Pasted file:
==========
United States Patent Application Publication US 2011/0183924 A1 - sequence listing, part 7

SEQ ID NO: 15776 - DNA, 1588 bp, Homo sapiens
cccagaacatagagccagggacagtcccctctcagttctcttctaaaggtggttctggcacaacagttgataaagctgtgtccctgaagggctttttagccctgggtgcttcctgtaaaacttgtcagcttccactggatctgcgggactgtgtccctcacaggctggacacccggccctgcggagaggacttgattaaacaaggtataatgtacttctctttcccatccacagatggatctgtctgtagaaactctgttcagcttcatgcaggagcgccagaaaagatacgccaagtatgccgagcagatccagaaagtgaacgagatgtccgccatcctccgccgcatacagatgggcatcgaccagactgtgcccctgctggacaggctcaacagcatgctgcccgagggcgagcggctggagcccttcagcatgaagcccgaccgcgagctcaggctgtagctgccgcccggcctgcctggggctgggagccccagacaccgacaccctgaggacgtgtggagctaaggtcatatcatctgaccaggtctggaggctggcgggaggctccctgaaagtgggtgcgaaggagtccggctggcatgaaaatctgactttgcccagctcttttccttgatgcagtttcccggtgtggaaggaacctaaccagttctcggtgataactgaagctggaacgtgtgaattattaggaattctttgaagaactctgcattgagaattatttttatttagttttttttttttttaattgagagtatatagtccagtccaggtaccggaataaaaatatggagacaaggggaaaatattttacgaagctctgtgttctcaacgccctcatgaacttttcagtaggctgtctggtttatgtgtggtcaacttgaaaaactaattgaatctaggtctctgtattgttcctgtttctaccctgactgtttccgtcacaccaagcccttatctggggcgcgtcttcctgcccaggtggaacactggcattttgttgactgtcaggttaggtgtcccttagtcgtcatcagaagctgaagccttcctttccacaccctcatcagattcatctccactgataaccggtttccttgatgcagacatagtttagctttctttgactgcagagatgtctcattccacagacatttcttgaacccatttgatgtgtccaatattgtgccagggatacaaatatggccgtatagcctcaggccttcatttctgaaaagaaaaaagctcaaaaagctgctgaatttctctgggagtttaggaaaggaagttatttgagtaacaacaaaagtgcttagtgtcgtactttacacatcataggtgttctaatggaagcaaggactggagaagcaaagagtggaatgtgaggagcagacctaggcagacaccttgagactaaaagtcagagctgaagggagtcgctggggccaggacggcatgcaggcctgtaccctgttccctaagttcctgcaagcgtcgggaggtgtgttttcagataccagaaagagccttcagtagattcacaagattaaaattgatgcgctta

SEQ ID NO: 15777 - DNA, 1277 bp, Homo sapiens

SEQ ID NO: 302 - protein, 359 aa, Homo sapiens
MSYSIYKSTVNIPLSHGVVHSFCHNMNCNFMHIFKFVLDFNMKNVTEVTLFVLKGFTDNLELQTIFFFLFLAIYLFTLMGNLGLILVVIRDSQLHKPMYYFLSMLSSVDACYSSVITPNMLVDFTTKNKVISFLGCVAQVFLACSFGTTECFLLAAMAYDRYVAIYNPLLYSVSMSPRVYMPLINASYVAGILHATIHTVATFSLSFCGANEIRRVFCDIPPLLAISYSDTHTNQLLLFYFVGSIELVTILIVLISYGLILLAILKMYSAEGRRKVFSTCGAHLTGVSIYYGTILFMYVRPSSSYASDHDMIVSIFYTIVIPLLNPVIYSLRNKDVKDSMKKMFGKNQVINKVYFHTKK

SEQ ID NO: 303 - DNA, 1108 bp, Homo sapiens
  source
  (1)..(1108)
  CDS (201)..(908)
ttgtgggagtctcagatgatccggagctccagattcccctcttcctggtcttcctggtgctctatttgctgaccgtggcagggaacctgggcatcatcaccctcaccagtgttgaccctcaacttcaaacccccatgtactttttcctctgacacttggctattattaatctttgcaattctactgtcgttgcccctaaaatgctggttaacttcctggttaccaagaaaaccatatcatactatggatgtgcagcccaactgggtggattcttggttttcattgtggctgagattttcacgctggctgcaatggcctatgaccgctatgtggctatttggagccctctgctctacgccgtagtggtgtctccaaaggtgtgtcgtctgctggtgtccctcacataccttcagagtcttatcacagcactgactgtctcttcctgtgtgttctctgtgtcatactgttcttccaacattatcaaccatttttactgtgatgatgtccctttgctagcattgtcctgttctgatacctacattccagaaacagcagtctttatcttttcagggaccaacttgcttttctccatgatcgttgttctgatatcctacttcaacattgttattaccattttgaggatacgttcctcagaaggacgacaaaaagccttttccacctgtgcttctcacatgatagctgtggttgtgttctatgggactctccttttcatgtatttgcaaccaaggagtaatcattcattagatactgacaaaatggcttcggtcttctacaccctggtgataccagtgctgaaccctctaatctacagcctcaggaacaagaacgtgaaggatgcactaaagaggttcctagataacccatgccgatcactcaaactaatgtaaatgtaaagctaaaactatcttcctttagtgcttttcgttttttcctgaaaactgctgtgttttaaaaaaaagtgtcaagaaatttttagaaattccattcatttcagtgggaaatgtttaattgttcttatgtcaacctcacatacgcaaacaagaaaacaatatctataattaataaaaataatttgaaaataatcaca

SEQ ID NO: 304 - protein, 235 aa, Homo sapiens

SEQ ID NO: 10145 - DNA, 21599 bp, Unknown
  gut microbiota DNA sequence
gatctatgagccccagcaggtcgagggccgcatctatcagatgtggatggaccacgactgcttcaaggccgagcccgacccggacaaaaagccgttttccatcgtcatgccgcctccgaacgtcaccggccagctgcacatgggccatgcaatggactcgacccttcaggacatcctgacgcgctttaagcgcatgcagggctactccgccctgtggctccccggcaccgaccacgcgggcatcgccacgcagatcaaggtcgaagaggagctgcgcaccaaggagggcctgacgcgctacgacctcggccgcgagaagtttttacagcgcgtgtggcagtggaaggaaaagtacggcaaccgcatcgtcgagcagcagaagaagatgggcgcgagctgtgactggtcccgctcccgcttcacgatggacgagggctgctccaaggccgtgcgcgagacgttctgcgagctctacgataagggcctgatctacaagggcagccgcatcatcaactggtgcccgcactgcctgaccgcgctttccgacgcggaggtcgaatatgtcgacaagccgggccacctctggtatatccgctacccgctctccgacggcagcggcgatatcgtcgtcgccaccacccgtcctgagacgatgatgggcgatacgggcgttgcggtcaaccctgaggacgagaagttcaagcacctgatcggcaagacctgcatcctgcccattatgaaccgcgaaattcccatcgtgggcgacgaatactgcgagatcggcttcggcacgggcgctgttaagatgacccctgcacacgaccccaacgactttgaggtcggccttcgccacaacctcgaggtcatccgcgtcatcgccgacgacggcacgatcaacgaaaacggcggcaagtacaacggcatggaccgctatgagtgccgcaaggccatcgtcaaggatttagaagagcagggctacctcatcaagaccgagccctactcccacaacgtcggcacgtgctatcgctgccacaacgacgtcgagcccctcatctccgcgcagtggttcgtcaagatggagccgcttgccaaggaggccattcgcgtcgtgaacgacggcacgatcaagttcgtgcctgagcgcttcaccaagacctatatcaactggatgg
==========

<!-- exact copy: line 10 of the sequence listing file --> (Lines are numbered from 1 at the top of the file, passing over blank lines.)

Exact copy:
  CDS (201)..(908)